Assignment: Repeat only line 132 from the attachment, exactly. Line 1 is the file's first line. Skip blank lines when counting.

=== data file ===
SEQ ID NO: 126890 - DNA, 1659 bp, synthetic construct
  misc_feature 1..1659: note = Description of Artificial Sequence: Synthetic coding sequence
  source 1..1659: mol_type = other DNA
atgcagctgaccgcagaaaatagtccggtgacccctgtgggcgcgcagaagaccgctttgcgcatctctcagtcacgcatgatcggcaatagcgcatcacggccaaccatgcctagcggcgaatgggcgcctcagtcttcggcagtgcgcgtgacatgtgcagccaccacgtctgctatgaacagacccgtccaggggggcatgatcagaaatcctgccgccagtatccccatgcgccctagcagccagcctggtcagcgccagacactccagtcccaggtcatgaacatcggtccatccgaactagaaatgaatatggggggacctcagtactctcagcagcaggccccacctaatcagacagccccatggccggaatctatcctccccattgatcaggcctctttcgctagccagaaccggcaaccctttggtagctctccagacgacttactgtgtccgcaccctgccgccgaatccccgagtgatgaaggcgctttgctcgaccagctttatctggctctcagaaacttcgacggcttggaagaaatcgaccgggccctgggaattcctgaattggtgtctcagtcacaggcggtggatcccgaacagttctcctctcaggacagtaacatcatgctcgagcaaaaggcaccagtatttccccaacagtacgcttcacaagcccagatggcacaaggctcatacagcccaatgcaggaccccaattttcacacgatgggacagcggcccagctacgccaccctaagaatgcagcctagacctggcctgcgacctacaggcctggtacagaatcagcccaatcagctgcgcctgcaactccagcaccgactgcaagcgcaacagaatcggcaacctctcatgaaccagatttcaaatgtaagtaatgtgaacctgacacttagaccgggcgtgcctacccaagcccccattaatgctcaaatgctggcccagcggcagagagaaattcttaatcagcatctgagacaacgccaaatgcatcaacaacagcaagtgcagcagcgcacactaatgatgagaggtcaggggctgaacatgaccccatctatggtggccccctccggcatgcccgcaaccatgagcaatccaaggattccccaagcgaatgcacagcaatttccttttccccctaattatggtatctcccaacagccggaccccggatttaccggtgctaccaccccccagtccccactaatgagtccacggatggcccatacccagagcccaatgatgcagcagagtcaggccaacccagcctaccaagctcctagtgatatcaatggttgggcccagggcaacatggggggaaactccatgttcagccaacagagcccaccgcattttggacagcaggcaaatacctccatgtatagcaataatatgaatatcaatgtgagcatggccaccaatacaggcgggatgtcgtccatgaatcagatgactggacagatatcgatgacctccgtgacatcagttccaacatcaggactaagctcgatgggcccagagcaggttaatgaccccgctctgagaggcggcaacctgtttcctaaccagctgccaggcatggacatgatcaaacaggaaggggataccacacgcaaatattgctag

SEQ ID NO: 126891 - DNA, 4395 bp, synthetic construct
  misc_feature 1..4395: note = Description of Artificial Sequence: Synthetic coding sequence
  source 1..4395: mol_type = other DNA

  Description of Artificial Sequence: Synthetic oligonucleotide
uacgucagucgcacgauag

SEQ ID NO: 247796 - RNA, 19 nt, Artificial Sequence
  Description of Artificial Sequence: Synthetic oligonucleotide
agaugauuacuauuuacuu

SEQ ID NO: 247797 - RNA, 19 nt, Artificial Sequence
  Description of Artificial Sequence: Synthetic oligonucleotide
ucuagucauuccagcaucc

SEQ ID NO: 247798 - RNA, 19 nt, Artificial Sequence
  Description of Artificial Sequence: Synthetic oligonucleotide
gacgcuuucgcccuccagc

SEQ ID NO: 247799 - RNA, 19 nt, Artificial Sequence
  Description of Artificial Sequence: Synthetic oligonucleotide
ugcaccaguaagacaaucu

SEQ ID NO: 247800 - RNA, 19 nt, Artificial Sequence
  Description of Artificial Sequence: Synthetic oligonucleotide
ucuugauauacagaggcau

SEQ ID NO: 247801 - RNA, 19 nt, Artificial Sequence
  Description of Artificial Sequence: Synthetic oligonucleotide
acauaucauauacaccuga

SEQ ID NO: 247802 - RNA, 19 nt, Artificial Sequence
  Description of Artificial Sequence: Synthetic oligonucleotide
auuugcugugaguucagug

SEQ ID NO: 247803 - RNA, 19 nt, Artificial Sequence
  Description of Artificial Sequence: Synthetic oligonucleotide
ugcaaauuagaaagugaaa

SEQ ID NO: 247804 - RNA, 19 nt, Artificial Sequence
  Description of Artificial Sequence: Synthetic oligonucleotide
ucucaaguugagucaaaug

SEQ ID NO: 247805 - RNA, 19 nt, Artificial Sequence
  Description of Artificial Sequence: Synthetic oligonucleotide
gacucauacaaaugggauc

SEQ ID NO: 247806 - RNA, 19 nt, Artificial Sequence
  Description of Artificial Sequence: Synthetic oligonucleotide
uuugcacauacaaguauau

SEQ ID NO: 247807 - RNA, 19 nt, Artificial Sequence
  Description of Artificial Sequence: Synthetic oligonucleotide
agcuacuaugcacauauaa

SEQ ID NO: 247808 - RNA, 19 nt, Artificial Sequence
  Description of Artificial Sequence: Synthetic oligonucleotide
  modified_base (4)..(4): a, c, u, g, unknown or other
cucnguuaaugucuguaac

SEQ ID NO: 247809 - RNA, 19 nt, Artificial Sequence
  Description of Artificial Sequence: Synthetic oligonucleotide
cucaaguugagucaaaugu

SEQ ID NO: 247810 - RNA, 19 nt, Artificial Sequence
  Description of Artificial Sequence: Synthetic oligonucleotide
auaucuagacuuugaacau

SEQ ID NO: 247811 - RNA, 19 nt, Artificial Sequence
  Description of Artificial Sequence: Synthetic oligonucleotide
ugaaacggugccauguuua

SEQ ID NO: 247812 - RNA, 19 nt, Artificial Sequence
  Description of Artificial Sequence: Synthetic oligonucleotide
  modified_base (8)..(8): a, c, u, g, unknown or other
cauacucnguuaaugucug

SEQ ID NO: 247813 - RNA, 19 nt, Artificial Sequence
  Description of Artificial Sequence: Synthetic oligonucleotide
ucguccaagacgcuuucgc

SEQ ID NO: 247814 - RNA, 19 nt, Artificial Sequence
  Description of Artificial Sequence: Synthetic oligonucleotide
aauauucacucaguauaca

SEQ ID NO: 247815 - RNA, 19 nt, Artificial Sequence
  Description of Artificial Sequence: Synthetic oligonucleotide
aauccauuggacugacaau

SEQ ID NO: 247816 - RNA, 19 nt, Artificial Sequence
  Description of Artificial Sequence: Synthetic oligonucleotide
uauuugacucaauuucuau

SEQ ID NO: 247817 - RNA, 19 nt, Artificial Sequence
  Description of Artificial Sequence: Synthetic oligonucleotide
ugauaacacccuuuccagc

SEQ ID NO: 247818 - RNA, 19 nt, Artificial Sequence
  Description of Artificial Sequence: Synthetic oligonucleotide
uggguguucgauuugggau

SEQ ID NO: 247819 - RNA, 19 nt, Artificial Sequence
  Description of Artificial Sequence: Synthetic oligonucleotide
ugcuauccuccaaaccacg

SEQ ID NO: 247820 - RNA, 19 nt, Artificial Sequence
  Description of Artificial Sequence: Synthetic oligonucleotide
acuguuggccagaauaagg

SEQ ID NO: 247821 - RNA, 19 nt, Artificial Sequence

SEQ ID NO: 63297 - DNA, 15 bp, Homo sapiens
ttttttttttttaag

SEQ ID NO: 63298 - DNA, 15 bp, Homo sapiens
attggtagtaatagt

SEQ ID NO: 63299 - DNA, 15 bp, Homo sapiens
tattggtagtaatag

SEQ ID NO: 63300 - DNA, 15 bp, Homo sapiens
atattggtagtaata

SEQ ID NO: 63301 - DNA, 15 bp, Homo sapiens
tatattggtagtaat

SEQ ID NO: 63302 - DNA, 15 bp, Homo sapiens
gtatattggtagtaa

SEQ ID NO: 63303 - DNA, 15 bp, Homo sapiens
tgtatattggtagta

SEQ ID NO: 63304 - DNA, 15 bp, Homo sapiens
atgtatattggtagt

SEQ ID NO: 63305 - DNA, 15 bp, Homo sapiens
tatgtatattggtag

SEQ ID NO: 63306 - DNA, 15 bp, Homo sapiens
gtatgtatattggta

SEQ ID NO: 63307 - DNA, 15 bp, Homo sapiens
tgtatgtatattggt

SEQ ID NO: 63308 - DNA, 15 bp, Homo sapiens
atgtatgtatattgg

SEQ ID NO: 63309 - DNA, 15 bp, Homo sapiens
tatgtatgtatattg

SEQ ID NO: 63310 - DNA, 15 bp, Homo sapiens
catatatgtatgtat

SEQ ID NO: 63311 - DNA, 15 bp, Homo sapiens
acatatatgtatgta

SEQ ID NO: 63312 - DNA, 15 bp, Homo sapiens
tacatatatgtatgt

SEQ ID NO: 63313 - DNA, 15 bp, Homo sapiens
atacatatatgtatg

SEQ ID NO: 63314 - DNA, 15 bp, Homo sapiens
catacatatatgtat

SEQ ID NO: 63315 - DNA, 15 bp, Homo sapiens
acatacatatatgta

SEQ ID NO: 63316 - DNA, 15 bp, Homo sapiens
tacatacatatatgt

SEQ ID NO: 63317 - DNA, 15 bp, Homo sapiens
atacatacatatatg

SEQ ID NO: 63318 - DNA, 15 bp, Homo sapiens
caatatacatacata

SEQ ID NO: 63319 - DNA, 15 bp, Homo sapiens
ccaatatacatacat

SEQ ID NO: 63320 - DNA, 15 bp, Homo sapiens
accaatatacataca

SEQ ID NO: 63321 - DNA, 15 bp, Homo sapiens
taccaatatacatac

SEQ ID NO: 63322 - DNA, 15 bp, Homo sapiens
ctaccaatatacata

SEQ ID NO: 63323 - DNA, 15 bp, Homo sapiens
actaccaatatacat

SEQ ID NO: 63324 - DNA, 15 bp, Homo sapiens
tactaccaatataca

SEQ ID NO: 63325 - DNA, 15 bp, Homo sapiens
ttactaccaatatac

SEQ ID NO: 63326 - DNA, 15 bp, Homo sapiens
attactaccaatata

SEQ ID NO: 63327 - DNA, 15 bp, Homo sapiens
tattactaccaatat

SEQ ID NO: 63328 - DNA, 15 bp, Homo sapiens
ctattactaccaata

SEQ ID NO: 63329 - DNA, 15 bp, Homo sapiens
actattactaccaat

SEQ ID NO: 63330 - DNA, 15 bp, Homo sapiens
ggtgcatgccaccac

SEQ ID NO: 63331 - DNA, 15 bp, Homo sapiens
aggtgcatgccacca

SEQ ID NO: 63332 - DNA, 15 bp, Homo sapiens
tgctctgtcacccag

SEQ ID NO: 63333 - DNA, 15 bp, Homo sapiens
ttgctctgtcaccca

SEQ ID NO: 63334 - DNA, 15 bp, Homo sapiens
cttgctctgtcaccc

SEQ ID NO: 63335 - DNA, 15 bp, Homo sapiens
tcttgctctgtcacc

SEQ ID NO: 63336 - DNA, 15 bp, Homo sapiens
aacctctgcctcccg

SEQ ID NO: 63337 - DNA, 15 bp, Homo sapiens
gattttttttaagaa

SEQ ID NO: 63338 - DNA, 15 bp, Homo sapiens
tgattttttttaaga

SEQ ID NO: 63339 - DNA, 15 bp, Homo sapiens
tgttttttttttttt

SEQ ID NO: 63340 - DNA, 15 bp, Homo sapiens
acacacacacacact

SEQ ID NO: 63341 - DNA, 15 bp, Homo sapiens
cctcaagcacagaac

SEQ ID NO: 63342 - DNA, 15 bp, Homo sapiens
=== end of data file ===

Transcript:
SEQ ID NO: 63319 - DNA, 15 bp, Homo sapiens